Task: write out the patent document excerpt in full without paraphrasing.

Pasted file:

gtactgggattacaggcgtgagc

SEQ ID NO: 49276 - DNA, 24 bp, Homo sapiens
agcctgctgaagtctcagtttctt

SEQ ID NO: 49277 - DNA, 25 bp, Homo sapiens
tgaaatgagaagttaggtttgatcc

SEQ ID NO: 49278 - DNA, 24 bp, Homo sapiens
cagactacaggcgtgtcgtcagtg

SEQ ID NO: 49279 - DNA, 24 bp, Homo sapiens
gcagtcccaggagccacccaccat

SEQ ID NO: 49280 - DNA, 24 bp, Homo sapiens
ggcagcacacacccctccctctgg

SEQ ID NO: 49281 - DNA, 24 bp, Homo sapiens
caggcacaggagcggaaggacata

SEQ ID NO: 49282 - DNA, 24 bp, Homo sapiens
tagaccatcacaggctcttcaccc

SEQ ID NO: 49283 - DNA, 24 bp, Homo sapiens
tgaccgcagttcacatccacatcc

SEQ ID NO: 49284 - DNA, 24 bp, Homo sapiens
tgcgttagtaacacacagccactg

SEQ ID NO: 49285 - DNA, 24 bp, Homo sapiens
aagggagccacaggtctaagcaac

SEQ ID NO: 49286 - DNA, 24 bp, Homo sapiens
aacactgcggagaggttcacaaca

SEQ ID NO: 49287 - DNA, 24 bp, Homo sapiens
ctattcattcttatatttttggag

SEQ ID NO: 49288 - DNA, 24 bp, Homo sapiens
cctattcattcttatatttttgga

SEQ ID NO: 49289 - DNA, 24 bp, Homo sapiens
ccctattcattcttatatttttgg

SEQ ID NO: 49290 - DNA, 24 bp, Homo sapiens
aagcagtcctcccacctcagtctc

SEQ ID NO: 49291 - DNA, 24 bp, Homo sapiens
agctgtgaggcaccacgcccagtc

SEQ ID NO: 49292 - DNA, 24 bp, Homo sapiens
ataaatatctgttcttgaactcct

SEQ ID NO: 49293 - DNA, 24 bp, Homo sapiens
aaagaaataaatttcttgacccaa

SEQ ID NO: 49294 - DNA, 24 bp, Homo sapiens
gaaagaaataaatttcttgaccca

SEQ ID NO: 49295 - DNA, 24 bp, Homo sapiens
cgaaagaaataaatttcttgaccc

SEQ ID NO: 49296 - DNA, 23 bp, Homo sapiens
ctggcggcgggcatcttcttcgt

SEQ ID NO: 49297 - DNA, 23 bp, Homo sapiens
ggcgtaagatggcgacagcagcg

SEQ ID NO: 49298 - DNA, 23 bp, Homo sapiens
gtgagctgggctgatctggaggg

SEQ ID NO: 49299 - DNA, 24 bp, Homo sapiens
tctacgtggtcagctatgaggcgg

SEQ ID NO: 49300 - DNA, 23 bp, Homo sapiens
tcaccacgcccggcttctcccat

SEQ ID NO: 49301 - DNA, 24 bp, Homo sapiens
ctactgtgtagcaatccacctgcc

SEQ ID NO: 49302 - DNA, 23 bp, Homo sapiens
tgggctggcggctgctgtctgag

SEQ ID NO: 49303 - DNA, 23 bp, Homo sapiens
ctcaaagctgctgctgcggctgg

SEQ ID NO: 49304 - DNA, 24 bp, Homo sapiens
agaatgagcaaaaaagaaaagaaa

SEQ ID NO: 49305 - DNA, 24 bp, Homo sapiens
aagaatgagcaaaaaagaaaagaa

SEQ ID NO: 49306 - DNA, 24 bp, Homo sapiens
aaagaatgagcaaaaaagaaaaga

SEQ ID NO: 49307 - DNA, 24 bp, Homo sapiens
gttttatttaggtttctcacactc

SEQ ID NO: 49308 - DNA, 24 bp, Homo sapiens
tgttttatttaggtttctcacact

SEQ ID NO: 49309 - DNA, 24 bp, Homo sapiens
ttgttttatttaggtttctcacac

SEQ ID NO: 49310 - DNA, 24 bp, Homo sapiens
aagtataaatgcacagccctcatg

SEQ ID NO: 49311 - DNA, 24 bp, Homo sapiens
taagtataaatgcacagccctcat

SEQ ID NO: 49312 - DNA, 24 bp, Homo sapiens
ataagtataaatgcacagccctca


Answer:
gtactgggattacaggcgtgagc

SEQ ID NO: 49276 - DNA, 24 bp, Homo sapiens
agcctgctgaagtctcagtttctt

SEQ ID NO: 49277 - DNA, 25 bp, Homo sapiens
tgaaatgagaagttaggtttgatcc

SEQ ID NO: 49278 - DNA, 24 bp, Homo sapiens
cagactacaggcgtgtcgtcagtg

SEQ ID NO: 49279 - DNA, 24 bp, Homo sapiens
gcagtcccaggagccacccaccat

SEQ ID NO: 49280 - DNA, 24 bp, Homo sapiens
ggcagcacacacccctccctctgg

SEQ ID NO: 49281 - DNA, 24 bp, Homo sapiens
caggcacaggagcggaaggacata

SEQ ID NO: 49282 - DNA, 24 bp, Homo sapiens
tagaccatcacaggctcttcaccc

SEQ ID NO: 49283 - DNA, 24 bp, Homo sapiens
tgaccgcagttcacatccacatcc

SEQ ID NO: 49284 - DNA, 24 bp, Homo sapiens
tgcgttagtaacacacagccactg

SEQ ID NO: 49285 - DNA, 24 bp, Homo sapiens
aagggagccacaggtctaagcaac

SEQ ID NO: 49286 - DNA, 24 bp, Homo sapiens
aacactgcggagaggttcacaaca

SEQ ID NO: 49287 - DNA, 24 bp, Homo sapiens
ctattcattcttatatttttggag

SEQ ID NO: 49288 - DNA, 24 bp, Homo sapiens
cctattcattcttatatttttgga

SEQ ID NO: 49289 - DNA, 24 bp, Homo sapiens
ccctattcattcttatatttttgg

SEQ ID NO: 49290 - DNA, 24 bp, Homo sapiens
aagcagtcctcccacctcagtctc

SEQ ID NO: 49291 - DNA, 24 bp, Homo sapiens
agctgtgaggcaccacgcccagtc

SEQ ID NO: 49292 - DNA, 24 bp, Homo sapiens
ataaatatctgttcttgaactcct

SEQ ID NO: 49293 - DNA, 24 bp, Homo sapiens
aaagaaataaatttcttgacccaa

SEQ ID NO: 49294 - DNA, 24 bp, Homo sapiens
gaaagaaataaatttcttgaccca

SEQ ID NO: 49295 - DNA, 24 bp, Homo sapiens
cgaaagaaataaatttcttgaccc

SEQ ID NO: 49296 - DNA, 23 bp, Homo sapiens
ctggcggcgggcatcttcttcgt

SEQ ID NO: 49297 - DNA, 23 bp, Homo sapiens
ggcgtaagatggcgacagcagcg

SEQ ID NO: 49298 - DNA, 23 bp, Homo sapiens
gtgagctgggctgatctggaggg

SEQ ID NO: 49299 - DNA, 24 bp, Homo sapiens
tctacgtggtcagctatgaggcgg

SEQ ID NO: 49300 - DNA, 23 bp, Homo sapiens
tcaccacgcccggcttctcccat

SEQ ID NO: 49301 - DNA, 24 bp, Homo sapiens
ctactgtgtagcaatccacctgcc

SEQ ID NO: 49302 - DNA, 23 bp, Homo sapiens
tgggctggcggctgctgtctgag

SEQ ID NO: 49303 - DNA, 23 bp, Homo sapiens
ctcaaagctgctgctgcggctgg

SEQ ID NO: 49304 - DNA, 24 bp, Homo sapiens
agaatgagcaaaaaagaaaagaaa

SEQ ID NO: 49305 - DNA, 24 bp, Homo sapiens
aagaatgagcaaaaaagaaaagaa

SEQ ID NO: 49306 - DNA, 24 bp, Homo sapiens
aaagaatgagcaaaaaagaaaaga

SEQ ID NO: 49307 - DNA, 24 bp, Homo sapiens
gttttatttaggtttctcacactc

SEQ ID NO: 49308 - DNA, 24 bp, Homo sapiens
tgttttatttaggtttctcacact

SEQ ID NO: 49309 - DNA, 24 bp, Homo sapiens
ttgttttatttaggtttctcacac

SEQ ID NO: 49310 - DNA, 24 bp, Homo sapiens
aagtataaatgcacagccctcatg

SEQ ID NO: 49311 - DNA, 24 bp, Homo sapiens
taagtataaatgcacagccctcat

SEQ ID NO: 49312 - DNA, 24 bp, Homo sapiens
ataagtataaatgcacagccctca